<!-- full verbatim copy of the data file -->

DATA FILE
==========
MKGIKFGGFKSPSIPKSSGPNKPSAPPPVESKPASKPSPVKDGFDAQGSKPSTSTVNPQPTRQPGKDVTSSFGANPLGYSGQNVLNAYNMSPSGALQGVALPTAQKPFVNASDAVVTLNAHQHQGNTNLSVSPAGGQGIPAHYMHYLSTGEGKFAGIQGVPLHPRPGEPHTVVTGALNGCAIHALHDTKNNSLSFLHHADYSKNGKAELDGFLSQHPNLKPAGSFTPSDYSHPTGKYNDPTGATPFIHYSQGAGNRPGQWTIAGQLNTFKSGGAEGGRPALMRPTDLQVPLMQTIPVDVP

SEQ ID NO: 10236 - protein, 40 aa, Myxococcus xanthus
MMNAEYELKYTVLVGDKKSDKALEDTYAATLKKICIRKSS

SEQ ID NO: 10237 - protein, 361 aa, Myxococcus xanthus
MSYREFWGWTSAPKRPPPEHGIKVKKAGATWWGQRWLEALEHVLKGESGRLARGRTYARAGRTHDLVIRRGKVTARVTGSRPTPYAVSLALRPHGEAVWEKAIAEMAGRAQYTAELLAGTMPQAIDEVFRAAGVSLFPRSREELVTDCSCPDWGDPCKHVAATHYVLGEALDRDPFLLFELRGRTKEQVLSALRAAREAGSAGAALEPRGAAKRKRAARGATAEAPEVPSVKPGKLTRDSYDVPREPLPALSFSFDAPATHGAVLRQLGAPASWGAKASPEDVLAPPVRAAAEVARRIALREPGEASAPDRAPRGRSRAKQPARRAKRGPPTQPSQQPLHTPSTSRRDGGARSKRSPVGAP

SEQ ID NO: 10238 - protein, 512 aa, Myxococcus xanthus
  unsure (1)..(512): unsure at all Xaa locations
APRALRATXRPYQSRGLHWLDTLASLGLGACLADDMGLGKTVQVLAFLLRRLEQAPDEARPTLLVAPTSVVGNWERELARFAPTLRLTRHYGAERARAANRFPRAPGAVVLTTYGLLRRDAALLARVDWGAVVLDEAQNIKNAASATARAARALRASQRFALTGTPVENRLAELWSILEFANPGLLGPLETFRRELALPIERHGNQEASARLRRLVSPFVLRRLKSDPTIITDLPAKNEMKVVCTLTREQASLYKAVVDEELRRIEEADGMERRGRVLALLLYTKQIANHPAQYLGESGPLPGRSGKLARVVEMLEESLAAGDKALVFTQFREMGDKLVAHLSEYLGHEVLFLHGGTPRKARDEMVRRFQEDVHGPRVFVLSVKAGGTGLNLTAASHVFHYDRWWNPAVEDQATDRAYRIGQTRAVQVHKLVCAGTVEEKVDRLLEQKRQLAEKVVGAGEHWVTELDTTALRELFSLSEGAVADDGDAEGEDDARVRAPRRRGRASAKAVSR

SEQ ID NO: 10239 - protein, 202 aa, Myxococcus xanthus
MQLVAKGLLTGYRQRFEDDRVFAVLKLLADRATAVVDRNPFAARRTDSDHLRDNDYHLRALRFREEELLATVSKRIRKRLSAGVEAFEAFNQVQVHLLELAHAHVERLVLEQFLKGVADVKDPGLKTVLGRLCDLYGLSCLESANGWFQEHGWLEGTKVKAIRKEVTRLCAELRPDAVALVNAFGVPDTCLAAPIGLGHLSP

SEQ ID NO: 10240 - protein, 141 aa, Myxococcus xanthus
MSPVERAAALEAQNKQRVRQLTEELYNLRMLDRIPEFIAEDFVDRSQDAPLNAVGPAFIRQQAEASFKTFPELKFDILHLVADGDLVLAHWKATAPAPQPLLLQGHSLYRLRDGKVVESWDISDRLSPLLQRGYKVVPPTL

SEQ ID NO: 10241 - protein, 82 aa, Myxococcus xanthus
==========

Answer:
MKGIKFGGFKSPSIPKSSGPNKPSAPPPVESKPASKPSPVKDGFDAQGSKPSTSTVNPQPTRQPGKDVTSSFGANPLGYSGQNVLNAYNMSPSGALQGVALPTAQKPFVNASDAVVTLNAHQHQGNTNLSVSPAGGQGIPAHYMHYLSTGEGKFAGIQGVPLHPRPGEPHTVVTGALNGCAIHALHDTKNNSLSFLHHADYSKNGKAELDGFLSQHPNLKPAGSFTPSDYSHPTGKYNDPTGATPFIHYSQGAGNRPGQWTIAGQLNTFKSGGAEGGRPALMRPTDLQVPLMQTIPVDVP

SEQ ID NO: 10236 - protein, 40 aa, Myxococcus xanthus
MMNAEYELKYTVLVGDKKSDKALEDTYAATLKKICIRKSS

SEQ ID NO: 10237 - protein, 361 aa, Myxococcus xanthus
MSYREFWGWTSAPKRPPPEHGIKVKKAGATWWGQRWLEALEHVLKGESGRLARGRTYARAGRTHDLVIRRGKVTARVTGSRPTPYAVSLALRPHGEAVWEKAIAEMAGRAQYTAELLAGTMPQAIDEVFRAAGVSLFPRSREELVTDCSCPDWGDPCKHVAATHYVLGEALDRDPFLLFELRGRTKEQVLSALRAAREAGSAGAALEPRGAAKRKRAARGATAEAPEVPSVKPGKLTRDSYDVPREPLPALSFSFDAPATHGAVLRQLGAPASWGAKASPEDVLAPPVRAAAEVARRIALREPGEASAPDRAPRGRSRAKQPARRAKRGPPTQPSQQPLHTPSTSRRDGGARSKRSPVGAP

SEQ ID NO: 10238 - protein, 512 aa, Myxococcus xanthus
  unsure (1)..(512): unsure at all Xaa locations
APRALRATXRPYQSRGLHWLDTLASLGLGACLADDMGLGKTVQVLAFLLRRLEQAPDEARPTLLVAPTSVVGNWERELARFAPTLRLTRHYGAERARAANRFPRAPGAVVLTTYGLLRRDAALLARVDWGAVVLDEAQNIKNAASATARAARALRASQRFALTGTPVENRLAELWSILEFANPGLLGPLETFRRELALPIERHGNQEASARLRRLVSPFVLRRLKSDPTIITDLPAKNEMKVVCTLTREQASLYKAVVDEELRRIEEADGMERRGRVLALLLYTKQIANHPAQYLGESGPLPGRSGKLARVVEMLEESLAAGDKALVFTQFREMGDKLVAHLSEYLGHEVLFLHGGTPRKARDEMVRRFQEDVHGPRVFVLSVKAGGTGLNLTAASHVFHYDRWWNPAVEDQATDRAYRIGQTRAVQVHKLVCAGTVEEKVDRLLEQKRQLAEKVVGAGEHWVTELDTTALRELFSLSEGAVADDGDAEGEDDARVRAPRRRGRASAKAVSR

SEQ ID NO: 10239 - protein, 202 aa, Myxococcus xanthus
MQLVAKGLLTGYRQRFEDDRVFAVLKLLADRATAVVDRNPFAARRTDSDHLRDNDYHLRALRFREEELLATVSKRIRKRLSAGVEAFEAFNQVQVHLLELAHAHVERLVLEQFLKGVADVKDPGLKTVLGRLCDLYGLSCLESANGWFQEHGWLEGTKVKAIRKEVTRLCAELRPDAVALVNAFGVPDTCLAAPIGLGHLSP

SEQ ID NO: 10240 - protein, 141 aa, Myxococcus xanthus
MSPVERAAALEAQNKQRVRQLTEELYNLRMLDRIPEFIAEDFVDRSQDAPLNAVGPAFIRQQAEASFKTFPELKFDILHLVADGDLVLAHWKATAPAPQPLLLQGHSLYRLRDGKVVESWDISDRLSPLLQRGYKVVPPTL

SEQ ID NO: 10241 - protein, 82 aa, Myxococcus xanthus